More to the point, though, is the idea that saying “I dig this houndstooth” is not the same as saying “I hate {insert racial epithet here; I’m not providing one}”.  I can’t speak for Chrisman, but I am certainly aware of the less laudable aspects of the era I emulate.  I can quite happily say yes to a double-breasted suit with the very same breath as I say, with full awareness of the underlying nuances, Black Lives Matter.  I choose aspects of the past, and I firmly reject others.  My wife doesn’t work outside the house because she has the right to decide this for herself (that decision is somewhat health-driven, but it’s still hers), not because I think it’s some sort of Ozzie and Harriet ideal is either wise or attainable.  Now, I’m not as thoroughly immersed as Chrisman, and I won’t assume her inward state in the same way (if in a different direction) as the Twitter-haters, but I suspect that she can reconcile “I wear ankle-length skirts” with “I get to vote” just as easily as I can.

Something which this whole foofahrah brings to mind is the baffling degree to which people in our purportedly enlightened age feel threatened by those who live somewhat out of step.  As I say, I’m less immersed than Chrisman, and thus stand out less, but I don’t have to think too hard to bring to mind the last time some goober hung out the window of his chum’s vehicle and shouted some variation of “your hat looks dumb!”  Subjective opinion, of course, because I feel exactly the same about the beer- or car-advertising ball-cap the shouter invariably is wearing, but the difference is I’m not moved to scream at the wearer.  It is an honest source of befuddlement to me that in a world where there is finally a groundswell of support for LGBQT people, where there is at least the beginning of the dialogue needed to address the imbalance of rights bound up with notions of race, where so much headway has been made in rendering ridiculous the more repellent attitudes of the previous two centuries, that someone’s decision to dress olden-timey gets so far under some people’s skin.  Chrisman refers to this at the end of her article, anticipating the tirades the article would bring on.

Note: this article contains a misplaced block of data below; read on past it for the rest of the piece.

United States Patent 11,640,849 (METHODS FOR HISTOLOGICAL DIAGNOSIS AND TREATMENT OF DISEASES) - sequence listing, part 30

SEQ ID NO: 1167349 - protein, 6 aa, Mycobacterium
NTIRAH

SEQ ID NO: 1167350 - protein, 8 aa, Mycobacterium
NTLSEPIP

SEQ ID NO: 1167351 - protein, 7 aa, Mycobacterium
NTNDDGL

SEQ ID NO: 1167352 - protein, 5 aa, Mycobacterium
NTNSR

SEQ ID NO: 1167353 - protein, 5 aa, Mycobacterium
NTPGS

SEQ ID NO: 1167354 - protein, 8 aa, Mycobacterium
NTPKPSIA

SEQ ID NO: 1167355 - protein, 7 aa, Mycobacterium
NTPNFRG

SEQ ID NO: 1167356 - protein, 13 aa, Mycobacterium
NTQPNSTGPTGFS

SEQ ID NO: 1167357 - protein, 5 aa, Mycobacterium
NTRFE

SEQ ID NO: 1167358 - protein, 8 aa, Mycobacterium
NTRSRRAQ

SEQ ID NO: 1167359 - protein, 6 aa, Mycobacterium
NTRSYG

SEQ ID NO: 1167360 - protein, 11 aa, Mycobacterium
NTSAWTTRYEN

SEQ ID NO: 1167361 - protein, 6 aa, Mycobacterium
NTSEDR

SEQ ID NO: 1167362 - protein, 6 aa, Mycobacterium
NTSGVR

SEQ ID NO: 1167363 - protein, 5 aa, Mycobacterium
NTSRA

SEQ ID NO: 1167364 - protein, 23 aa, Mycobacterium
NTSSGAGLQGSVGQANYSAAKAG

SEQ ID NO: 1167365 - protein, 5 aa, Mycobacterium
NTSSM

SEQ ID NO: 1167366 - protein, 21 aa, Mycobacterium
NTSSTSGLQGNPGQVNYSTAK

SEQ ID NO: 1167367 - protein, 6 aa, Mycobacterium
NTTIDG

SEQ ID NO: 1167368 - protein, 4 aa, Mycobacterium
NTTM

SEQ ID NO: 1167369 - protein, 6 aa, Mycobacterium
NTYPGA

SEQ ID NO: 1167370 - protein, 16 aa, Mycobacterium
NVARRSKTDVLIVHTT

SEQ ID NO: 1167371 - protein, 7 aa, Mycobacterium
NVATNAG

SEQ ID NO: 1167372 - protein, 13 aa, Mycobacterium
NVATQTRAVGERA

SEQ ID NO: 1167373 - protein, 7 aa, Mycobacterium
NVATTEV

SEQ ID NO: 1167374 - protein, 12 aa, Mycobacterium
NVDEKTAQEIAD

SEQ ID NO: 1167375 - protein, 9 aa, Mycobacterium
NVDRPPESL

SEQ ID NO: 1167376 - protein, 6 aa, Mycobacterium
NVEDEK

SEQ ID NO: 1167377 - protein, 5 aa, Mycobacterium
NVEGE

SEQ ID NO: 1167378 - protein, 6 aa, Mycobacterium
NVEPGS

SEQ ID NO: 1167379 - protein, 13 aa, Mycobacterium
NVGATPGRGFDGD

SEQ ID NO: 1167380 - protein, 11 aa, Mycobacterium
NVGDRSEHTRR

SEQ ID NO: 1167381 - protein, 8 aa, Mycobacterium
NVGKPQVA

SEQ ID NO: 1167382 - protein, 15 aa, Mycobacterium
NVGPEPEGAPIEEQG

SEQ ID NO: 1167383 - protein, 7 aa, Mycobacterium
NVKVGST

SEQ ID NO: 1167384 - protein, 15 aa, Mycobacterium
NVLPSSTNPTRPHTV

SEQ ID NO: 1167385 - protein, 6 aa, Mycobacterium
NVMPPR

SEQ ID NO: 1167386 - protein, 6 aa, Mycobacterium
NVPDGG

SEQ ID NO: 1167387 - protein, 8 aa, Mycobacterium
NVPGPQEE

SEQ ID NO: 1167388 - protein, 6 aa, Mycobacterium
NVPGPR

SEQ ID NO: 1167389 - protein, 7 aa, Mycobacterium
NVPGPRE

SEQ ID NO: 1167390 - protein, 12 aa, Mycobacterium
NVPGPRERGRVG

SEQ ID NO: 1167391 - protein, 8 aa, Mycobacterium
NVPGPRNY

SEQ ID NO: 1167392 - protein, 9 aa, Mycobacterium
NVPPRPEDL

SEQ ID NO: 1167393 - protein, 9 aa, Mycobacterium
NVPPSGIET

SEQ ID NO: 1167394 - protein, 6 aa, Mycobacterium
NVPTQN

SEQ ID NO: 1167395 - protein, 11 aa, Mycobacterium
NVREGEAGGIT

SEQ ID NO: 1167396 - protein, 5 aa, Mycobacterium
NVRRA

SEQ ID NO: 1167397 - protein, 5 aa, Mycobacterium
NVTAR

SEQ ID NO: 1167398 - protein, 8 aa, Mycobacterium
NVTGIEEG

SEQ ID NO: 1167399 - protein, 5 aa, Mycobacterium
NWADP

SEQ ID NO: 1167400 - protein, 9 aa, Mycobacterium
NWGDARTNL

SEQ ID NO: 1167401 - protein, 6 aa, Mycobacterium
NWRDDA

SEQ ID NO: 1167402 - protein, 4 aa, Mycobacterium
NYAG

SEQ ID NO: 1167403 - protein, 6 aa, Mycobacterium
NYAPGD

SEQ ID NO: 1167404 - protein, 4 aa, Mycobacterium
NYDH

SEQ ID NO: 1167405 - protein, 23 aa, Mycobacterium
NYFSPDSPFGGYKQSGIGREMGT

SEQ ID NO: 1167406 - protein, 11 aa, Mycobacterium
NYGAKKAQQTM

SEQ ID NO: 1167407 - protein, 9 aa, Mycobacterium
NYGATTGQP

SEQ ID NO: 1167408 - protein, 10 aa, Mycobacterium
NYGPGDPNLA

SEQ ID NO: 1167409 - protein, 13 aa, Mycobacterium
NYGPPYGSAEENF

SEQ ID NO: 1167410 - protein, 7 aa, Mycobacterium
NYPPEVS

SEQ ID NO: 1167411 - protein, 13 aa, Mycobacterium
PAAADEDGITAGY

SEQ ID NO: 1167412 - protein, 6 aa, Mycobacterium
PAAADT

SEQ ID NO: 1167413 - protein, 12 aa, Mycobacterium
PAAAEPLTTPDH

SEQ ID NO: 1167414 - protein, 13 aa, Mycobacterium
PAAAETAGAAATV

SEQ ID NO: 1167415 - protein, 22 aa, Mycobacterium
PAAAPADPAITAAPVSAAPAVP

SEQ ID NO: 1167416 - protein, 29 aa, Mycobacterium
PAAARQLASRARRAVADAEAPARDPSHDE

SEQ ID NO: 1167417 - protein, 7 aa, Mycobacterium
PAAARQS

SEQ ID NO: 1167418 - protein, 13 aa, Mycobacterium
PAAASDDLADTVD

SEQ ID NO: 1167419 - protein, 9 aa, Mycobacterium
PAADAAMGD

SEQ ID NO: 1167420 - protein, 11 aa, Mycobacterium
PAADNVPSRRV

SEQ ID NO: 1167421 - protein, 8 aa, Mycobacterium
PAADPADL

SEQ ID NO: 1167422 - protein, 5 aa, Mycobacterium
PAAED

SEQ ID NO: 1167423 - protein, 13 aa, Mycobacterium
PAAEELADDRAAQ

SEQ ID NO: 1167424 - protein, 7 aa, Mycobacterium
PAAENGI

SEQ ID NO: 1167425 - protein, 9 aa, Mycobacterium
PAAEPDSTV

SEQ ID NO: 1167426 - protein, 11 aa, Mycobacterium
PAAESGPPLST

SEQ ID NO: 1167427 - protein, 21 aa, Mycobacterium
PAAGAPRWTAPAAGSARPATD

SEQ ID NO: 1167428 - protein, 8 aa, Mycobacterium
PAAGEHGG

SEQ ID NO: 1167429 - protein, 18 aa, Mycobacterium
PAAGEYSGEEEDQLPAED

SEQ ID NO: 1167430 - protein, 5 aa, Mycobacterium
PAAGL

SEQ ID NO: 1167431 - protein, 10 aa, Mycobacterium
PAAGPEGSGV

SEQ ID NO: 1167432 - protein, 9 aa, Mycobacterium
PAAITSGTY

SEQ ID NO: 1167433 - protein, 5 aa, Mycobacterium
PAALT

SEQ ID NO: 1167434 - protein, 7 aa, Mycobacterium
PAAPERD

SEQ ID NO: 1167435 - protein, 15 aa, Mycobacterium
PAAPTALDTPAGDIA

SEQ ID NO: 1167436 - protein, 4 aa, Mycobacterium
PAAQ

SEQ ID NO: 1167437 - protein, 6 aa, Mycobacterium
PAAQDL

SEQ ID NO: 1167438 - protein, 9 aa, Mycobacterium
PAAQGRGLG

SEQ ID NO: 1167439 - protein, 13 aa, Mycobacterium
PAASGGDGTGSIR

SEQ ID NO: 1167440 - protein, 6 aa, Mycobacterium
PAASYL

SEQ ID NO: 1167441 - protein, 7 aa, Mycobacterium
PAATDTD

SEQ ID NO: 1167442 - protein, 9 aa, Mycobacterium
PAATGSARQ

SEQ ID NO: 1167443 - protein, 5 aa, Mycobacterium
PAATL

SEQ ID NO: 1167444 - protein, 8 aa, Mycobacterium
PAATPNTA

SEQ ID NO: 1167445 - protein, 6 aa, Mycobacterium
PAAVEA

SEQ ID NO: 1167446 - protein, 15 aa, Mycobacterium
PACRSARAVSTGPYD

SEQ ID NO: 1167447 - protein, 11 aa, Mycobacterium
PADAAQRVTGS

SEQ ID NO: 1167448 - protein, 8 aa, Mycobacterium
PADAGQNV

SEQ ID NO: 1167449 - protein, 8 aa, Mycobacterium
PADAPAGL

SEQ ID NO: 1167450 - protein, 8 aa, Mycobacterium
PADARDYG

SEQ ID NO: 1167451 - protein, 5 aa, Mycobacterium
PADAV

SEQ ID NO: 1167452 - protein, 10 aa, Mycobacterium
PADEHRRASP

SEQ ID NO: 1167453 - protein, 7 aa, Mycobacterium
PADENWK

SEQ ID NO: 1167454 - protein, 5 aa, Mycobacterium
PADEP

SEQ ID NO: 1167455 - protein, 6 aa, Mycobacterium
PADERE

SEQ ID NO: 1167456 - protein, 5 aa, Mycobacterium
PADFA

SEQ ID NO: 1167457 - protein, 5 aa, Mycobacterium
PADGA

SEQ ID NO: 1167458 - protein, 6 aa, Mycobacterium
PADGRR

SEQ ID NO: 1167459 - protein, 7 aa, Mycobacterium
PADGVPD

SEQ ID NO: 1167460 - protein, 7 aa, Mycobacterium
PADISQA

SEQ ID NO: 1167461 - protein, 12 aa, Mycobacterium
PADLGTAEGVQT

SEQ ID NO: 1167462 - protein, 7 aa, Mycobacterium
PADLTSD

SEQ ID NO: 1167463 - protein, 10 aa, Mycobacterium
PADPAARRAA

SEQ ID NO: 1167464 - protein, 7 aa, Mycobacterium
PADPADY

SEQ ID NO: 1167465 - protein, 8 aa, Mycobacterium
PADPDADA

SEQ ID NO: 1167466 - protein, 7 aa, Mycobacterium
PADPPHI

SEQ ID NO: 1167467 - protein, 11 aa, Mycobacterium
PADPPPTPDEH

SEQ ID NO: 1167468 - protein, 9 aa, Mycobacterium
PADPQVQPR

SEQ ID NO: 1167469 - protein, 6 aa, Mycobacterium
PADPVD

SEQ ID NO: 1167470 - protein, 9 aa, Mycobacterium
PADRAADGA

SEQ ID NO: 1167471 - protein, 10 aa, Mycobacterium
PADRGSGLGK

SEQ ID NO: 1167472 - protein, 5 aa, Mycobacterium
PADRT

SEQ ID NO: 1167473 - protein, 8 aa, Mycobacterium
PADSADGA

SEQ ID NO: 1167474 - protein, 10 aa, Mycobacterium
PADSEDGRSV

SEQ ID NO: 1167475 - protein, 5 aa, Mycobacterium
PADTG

Honestly now– how does it hurt you if someone wears a broad-brimmed fedora that matches his suit?  What injury do you suffer if someone uses an open-wick kerosene space heater in preference to a 97.3% efficient furnace (especially if, if you’re about to shout “global climate change,” the same someone never uses a car)?  The hat may look silly, the heater may be a fire hazard, but there’s no suggestion by the user that anyone else should or must take them on.  The reaction reminds me of a monkey flipping out when it’s shown a rubber snake, except snakes can be dangerous and monkeys don’t know about joke shops.

The only basis for it I can think of, and I suspect I’m trying to impose reason on something that is founded in irrationality, is connected to something else Chrisman mentions:

…[A]nyone can benefit from choices that increase their awareness of their surroundings and the way things they use every day affect them.

Can it be that the anger comes from the mere suggestion that people think about all the effort that lies behind whatever comfort their life contains?  Is there such dismay at being presented with a symbolic indication that the iPhone did not spring up out of the shop counter, such angst that the light in the bulb is an effect whose cause is not merely the flicking of a switch?  I almost hope that’s the case.  The provoking of thought is a provocation I’m happy to engage in.

Today’s pen (which, if you want to impute things, hit the market during the Summer of Love):  Parker 65
Today’s ink (probably not a commentary on the role of the Versailles Treaty in setting the stage for the disastrous selection of Germany’s Chancellor in 1933): Pelikan Brilliant Brown

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One Response to “The Life Anachronistic”

  1. […] is the sort of thing I more usually do in my other, non-fiction, existence, and indeed did do not too long ago when I commented about how much we can infer about the inward state of people […]